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Titan Missile History
The Titan I
     The Titan I was the United States' first true multistage ICBM. The program began in January 1955 and took shape in parallel with the Atlas (SM-65/HGM-25) intercontinental ballistic missile (ICBM). The Air Force's goal in launching the Titan program was twofold: one, to serve as a backup should Atlas fail; and two, to develop a large, two-stage missile with a longer range and bigger payload that also could serve as a booster for space flights.
      Produced by the Glenn L. Martin Company, Titan I was a two-stage, liquid-fueled, rocket-powered missile. Like Atlas, it had a liquid cryogenic fuel system, which was a severe drawback.  The first stage delivered 300,000 pounds of thrust; the second stage 80,000 pounds.  The missile utilizes both radio and all-inertial guidance. Deployed in a "hard" silo, it had to be raised to surface by a special launcher for firing.  The Titan I had an effective range of 5,500 nautical miles.  As each stage was fired, its engines and fuel tanks dropped away, thereby decreasing the weight and mass of the vehicle. That made for a more efficient missile, which resulted in increased range and a larger payload.
   The ICBM Scientific Advisory Committee planted the seeds of the Titan program in July 1954 when it recommended that the Air Force's Western Development Division's (WDD) explore alternate missile configurations before entrusting the nation entire ICBM program to the untested Atlas (SM-65). The following month the WDD directed its systems engineering and technical direction (SE/TD) contractor, the Ramo-Wooldridge Corporation, to institute a study of alternate ICBM configurations. Shortly thereafter the contractor hired Lockheed Aircraft Corporation and the Glenn L. Martin Aircraft Company to help with the task. The ICBM Scientific Advisory Committee was a group of prominent civilian scientists and engineers that advised the Air Force on the missile program.   When the study began, both the WDD and Ramo-Wooldridge were leery of becoming overly reliant on Atlas. Convair's design reflected an unconventional approach, and while many tests had been made, it had not been flight tested nor could it be for nearly 3 years.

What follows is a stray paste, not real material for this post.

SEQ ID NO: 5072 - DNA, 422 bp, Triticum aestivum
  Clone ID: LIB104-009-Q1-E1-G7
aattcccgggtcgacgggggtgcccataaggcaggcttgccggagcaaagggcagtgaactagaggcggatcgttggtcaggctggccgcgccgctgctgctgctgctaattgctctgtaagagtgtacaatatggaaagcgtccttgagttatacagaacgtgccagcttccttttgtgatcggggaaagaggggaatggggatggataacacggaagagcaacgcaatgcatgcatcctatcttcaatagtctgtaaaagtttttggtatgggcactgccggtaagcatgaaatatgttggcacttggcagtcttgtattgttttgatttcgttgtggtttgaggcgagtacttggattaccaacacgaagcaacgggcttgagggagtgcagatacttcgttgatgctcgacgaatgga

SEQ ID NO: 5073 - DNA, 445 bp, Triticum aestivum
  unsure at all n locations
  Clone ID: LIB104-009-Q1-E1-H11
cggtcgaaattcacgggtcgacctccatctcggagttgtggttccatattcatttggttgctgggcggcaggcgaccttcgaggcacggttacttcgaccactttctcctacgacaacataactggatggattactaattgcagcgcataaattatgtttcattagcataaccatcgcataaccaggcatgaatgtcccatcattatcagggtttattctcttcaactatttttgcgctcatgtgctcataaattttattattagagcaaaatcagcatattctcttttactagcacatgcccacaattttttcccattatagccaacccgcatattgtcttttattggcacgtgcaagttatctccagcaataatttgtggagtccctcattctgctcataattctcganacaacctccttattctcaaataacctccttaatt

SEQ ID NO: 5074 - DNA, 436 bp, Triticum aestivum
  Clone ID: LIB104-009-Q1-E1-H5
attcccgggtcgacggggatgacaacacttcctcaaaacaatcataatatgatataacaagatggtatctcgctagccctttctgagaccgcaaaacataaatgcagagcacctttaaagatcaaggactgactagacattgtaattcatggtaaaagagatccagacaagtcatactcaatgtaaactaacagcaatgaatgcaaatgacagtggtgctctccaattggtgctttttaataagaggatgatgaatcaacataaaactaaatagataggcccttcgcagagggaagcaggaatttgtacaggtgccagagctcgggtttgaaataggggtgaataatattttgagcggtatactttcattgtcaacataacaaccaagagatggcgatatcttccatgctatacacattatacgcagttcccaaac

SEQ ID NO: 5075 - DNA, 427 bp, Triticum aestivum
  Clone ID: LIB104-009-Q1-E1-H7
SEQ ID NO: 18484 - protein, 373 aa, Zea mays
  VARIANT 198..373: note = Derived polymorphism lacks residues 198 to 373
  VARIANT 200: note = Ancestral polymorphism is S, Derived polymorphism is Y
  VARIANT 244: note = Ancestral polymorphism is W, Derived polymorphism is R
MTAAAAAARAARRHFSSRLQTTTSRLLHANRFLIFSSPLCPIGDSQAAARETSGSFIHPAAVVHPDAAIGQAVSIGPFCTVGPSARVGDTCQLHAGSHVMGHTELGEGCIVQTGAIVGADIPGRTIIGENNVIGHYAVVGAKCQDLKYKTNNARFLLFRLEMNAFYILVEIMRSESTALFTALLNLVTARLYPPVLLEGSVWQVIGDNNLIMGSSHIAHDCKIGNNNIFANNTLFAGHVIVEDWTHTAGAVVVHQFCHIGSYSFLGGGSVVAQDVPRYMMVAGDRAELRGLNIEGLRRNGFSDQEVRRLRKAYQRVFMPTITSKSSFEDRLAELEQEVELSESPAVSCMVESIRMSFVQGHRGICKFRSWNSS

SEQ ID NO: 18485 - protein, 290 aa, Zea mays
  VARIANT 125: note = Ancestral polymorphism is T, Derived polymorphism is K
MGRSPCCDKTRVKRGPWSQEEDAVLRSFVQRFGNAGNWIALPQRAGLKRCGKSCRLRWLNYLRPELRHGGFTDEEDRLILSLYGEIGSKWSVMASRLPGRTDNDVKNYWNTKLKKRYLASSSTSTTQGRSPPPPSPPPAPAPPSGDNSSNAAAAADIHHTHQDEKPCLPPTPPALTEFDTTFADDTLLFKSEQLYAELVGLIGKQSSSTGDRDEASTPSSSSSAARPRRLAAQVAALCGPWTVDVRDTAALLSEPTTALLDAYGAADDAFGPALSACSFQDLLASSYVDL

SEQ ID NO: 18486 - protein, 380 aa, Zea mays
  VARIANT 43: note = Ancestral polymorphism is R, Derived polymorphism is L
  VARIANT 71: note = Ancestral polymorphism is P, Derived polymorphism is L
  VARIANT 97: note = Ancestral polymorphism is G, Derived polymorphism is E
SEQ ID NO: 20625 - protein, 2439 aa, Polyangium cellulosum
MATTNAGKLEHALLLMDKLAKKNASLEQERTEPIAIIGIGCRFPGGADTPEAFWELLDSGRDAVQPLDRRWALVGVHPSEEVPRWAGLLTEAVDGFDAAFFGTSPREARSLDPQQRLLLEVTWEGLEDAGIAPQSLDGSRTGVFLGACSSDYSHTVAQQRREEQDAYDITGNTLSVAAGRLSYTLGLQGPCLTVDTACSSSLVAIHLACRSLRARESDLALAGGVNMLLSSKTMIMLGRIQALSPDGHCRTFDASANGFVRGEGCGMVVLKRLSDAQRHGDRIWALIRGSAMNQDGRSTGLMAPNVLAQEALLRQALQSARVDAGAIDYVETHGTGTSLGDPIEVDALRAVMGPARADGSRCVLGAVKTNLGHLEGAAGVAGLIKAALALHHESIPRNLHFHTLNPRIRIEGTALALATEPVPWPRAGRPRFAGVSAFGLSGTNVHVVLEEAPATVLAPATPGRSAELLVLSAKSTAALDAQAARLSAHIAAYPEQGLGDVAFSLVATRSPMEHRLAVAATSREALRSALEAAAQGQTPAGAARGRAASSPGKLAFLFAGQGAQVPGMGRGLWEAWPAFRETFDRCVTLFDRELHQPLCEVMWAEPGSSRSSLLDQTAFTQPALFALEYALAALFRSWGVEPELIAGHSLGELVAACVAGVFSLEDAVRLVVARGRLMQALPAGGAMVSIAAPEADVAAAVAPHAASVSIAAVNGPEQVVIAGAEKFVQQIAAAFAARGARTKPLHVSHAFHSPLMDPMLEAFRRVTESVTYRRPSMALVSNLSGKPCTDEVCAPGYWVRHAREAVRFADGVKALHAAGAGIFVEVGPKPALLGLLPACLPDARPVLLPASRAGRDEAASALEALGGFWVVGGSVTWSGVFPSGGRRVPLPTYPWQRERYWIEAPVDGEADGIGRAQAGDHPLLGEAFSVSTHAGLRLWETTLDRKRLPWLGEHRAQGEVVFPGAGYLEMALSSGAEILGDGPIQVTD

Based on the preliminary results of its study, in October the WDD recommended that Convair go ahead with Atlas, but at the same time the development agency also suggested that the Air Force broaden its ICBM program to include a missile with rigid, aircraft type fuselage and an alternate engine configuration. The VV`DD stressed that developing a second ICBM would allow the Air Force to pursue a more ambitious design and would also stimulate competition between the two ICBM programs.
     In January 1955 the ICBM Scientific Advisory Committee reviewed the WDD's findings and recommended that the Air Force pursue an alternate ICBM configuration, most probably one with a two-stage propulsion system. Based on the committee's recommendation, in April 1955 Secretary of the Air Force Harold Talbott authorized the VV`DD to begin work on a second ICBM. His only stipulation was that the winning contractor agree to build its missile production facility in the central United States.